As department stores, specialty stores and big box retailers retrench, discount chains are growing.
Ross, a clothing and home decor chain, recently opened 30 stores and plans to add 70 more this year. It’s aiming for 2,500 stores eventually, up from about 1,500 today.
TJX Companies, the parent of TJ Maxx, Marshalls, and HomeGoods, is opening 238 stores this year, and Burlington Stores is opening up to 40.
The discounters, also known as off-price sellers, are expanding their physical footprints, even as Americans shop more online and most brick-and-mortar retailers pour cash into their digital operations.
During an era of disruption, these companies have proved resilient – and durable against competition from Amazon.
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Ross, which doesn’t have a digital shop, relies on a flexible purchasing strategy to offer top brands at bargain prices, enticing shoppers to head to stores to find clothes they can’t buy online.
The average item is only $10, and 98% of the stuff in its store is under $30.
“The place that Ross and TJX occupy is a place that’s tough to do online,” said Simeon Siegel, a retail analyst at Nomura Group. “I believe Ross is winning because it doesn’t have e-commerce, not in spite of it.”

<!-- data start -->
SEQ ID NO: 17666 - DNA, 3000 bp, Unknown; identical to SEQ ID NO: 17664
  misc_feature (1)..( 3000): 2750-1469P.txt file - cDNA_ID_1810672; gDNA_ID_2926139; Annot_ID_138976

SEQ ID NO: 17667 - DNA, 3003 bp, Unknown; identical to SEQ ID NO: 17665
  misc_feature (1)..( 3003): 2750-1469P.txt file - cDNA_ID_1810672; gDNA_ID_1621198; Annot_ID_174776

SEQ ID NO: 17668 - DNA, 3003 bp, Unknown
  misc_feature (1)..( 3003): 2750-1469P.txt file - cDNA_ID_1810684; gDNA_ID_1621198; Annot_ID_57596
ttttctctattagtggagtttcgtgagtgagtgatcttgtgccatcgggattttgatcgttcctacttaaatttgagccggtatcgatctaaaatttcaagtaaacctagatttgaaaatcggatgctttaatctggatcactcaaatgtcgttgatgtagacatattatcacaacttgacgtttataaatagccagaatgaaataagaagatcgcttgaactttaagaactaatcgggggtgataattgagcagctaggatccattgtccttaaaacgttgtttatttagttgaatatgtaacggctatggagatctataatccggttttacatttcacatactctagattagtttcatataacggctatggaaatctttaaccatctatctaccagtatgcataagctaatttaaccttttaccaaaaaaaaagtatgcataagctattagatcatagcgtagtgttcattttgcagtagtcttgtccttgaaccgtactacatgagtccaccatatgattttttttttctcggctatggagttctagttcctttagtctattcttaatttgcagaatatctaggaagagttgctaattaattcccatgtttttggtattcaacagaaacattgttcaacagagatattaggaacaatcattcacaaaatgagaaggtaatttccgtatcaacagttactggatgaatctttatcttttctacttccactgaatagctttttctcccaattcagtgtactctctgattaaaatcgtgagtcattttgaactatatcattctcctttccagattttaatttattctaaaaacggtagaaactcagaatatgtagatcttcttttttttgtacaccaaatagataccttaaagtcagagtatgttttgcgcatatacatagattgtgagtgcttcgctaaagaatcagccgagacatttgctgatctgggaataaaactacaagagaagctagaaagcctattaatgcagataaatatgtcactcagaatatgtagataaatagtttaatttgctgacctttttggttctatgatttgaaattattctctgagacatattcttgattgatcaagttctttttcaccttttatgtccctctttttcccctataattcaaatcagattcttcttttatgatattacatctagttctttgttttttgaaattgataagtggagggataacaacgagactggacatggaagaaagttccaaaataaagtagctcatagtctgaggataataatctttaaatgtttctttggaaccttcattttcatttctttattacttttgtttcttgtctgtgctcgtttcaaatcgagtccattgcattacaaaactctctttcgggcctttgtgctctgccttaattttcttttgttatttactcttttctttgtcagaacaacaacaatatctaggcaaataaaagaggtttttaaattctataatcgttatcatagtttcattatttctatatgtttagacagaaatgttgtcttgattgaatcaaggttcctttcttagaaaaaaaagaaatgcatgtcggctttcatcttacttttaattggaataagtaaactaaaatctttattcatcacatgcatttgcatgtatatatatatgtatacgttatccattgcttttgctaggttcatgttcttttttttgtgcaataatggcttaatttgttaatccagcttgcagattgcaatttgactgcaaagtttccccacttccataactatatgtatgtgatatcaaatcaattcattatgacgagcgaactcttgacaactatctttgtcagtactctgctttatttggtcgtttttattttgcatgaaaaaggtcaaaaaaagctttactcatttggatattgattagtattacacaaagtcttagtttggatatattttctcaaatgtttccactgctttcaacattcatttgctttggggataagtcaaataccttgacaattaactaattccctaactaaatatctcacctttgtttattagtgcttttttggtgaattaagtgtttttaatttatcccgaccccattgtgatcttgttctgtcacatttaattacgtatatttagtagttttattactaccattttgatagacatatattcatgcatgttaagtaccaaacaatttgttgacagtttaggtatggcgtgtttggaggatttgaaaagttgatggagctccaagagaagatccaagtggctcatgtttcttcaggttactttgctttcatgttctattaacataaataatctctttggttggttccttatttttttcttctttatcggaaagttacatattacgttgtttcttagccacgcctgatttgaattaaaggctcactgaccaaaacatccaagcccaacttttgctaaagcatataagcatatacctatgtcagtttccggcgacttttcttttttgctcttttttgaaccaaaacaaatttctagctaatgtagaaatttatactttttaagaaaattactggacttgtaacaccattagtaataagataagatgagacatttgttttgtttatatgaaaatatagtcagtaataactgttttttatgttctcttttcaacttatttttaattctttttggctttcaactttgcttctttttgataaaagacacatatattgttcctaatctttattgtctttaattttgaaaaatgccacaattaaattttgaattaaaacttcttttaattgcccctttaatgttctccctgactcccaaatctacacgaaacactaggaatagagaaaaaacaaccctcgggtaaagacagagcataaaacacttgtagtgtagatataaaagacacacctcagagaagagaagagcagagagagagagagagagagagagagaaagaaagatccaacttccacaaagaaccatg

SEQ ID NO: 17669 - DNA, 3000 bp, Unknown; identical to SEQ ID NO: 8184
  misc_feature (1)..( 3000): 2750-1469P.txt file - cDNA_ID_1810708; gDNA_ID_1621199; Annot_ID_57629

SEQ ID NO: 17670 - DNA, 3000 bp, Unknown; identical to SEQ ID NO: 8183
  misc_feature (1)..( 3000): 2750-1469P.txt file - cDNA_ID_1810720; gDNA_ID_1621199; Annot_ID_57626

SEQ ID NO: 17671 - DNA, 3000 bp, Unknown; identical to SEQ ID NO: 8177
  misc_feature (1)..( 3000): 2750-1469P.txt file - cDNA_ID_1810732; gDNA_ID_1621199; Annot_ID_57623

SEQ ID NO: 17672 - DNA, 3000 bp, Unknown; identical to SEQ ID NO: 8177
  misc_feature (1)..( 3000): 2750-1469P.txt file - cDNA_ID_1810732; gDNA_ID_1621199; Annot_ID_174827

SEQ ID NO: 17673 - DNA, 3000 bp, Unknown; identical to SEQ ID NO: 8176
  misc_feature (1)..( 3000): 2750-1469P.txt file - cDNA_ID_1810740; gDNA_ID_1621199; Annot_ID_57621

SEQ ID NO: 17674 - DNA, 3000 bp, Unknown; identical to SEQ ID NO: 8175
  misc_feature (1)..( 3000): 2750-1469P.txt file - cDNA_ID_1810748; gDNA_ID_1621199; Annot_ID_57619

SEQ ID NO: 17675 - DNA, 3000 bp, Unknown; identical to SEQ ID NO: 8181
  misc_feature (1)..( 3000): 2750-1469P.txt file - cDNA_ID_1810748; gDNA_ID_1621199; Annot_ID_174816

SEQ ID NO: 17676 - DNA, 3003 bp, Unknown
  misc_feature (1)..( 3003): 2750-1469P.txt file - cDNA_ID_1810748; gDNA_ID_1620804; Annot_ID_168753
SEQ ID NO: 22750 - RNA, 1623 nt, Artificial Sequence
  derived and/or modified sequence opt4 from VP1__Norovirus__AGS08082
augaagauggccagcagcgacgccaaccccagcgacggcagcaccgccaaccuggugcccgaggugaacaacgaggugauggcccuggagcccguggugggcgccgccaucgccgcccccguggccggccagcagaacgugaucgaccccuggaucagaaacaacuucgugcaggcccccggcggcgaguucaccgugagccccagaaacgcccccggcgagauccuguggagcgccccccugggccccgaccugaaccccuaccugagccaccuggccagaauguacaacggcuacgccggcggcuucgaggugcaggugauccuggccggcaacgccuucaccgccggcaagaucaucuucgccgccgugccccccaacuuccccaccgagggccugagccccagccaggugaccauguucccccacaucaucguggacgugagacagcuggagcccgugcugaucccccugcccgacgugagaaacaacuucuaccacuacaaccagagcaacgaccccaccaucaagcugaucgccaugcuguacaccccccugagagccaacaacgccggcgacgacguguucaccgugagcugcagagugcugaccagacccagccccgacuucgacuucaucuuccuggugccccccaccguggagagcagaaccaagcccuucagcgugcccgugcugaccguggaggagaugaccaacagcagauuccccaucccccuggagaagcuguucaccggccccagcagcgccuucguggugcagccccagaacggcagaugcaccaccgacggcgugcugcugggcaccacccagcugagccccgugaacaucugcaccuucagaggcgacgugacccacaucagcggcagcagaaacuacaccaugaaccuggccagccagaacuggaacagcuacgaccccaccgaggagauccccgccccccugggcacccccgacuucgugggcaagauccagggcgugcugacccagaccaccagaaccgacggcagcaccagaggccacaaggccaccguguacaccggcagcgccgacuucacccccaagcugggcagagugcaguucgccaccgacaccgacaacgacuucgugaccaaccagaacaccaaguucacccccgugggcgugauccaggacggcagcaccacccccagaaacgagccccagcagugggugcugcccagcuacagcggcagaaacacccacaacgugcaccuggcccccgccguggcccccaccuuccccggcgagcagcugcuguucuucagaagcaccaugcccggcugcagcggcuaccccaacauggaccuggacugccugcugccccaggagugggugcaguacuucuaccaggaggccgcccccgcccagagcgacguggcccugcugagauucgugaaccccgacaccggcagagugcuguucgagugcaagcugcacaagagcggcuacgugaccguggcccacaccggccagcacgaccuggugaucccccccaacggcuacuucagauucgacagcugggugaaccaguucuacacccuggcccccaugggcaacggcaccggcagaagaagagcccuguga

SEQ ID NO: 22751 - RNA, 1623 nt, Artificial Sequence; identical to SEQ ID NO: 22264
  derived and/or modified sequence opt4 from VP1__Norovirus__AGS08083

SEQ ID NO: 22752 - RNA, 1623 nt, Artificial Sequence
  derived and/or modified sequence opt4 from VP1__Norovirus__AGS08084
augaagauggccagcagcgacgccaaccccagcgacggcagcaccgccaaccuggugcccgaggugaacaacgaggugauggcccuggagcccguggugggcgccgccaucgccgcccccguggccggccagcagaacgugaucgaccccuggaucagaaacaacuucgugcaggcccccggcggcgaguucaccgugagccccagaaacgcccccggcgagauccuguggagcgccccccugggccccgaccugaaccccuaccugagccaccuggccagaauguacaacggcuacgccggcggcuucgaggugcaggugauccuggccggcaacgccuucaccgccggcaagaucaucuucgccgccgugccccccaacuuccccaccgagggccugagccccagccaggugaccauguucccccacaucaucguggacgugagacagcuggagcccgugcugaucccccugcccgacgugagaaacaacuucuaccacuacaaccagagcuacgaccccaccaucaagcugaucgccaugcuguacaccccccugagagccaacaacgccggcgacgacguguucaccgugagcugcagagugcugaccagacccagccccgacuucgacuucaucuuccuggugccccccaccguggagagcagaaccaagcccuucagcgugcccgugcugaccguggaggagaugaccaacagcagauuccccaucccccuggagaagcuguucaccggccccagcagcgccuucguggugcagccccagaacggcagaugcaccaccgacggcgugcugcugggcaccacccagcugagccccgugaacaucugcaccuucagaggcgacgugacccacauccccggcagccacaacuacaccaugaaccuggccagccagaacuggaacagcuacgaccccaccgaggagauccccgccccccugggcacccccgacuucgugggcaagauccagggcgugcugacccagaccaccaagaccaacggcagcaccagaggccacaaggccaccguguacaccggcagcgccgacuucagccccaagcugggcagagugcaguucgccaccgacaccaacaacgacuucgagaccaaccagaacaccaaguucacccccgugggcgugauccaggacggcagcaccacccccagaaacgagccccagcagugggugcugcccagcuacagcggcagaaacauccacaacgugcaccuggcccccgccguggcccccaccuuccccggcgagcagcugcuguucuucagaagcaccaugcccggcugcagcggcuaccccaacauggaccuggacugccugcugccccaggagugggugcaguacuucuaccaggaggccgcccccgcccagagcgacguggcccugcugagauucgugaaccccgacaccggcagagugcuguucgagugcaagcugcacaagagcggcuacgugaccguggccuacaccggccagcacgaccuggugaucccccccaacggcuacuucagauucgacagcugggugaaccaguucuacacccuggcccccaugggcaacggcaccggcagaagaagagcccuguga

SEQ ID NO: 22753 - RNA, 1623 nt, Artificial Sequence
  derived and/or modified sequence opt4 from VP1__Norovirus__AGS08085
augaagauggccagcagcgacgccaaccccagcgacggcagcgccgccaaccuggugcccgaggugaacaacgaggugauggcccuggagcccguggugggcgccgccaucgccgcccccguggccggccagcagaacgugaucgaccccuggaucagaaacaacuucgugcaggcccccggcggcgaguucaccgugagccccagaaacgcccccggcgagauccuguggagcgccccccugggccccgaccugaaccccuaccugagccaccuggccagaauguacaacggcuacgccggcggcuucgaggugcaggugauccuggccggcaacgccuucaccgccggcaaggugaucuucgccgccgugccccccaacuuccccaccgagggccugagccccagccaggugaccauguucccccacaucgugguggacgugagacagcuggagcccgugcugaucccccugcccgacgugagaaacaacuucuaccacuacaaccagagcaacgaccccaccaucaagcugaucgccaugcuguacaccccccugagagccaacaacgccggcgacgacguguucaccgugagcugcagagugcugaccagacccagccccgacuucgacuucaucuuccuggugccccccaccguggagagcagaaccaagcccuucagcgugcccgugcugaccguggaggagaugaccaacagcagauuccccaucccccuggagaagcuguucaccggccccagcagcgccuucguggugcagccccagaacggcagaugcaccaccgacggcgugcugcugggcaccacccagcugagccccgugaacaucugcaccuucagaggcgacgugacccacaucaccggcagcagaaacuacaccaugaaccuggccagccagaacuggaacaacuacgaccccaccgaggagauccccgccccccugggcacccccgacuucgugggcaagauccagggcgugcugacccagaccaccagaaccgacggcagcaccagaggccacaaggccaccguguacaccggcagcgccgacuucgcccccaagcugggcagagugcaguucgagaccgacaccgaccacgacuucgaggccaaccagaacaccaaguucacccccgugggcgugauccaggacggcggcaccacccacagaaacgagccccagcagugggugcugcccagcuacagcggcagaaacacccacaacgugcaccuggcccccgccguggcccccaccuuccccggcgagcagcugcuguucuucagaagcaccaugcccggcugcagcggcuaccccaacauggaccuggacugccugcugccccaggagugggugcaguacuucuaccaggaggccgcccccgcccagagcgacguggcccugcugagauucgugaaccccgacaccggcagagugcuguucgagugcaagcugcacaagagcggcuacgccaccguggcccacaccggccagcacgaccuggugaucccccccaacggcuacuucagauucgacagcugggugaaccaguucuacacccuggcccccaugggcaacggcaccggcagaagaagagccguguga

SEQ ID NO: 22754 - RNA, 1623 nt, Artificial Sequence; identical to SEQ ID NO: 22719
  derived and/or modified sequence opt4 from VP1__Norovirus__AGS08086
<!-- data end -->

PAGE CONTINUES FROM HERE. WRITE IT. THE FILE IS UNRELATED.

Capitalizing on brand miscues
Ross racked up more than $14 billion in sales last year, second only to TJX in its category. It has recorded 13 consecutive years of growth at stores open at least a year, outpacing Macy’s, JCPenney, and Nordstrom.
Ross stores offer a mix of name-brand and designer apparel and home fashion for 20% to 60% less than department and specialty stores.
When brands produce too many clothes or department stores cancel orders, Ross and other discounters step in and buy the leftover inventory.
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Ross calls them “opportunistic purchases.” It can either quickly ship the product to shelves to meet in-season looks or pack the products away in warehouses to sell later. Both methods help the company constantly rotate through a wide assortment of styles and fashions.
“The one certainty in fashion is that brands will make mistakes and overcreate,” Nomura’s Siegel said. “There will always be a role for someone willing to absorb those mistakes.”
The growth of online shopping may be accelerating the clothing glut by creating more customer returns.
In addition, clothing brands place orders months in advance and have to forecast volatile factors like consumer spending power, weather, commodity costs, and tariffs to make their purchases.
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Discounters like Ross have much shorter lead times – often late in the season when fashion trends have already been well established.
“They can be more nimble reacting to what customers want,” said Moody’s senior retail analyst Christina Boni. The business model “reduces fashion and markdown risks that other apparel retailers face.”
Brands and retail stores are expanding online and focusing on improving in-store amenities. By contrast, Ross offers a “treasure-hunt shopping experience that cannot be replicated online,” said Betty Chen, Ross’ director of investor and media relations.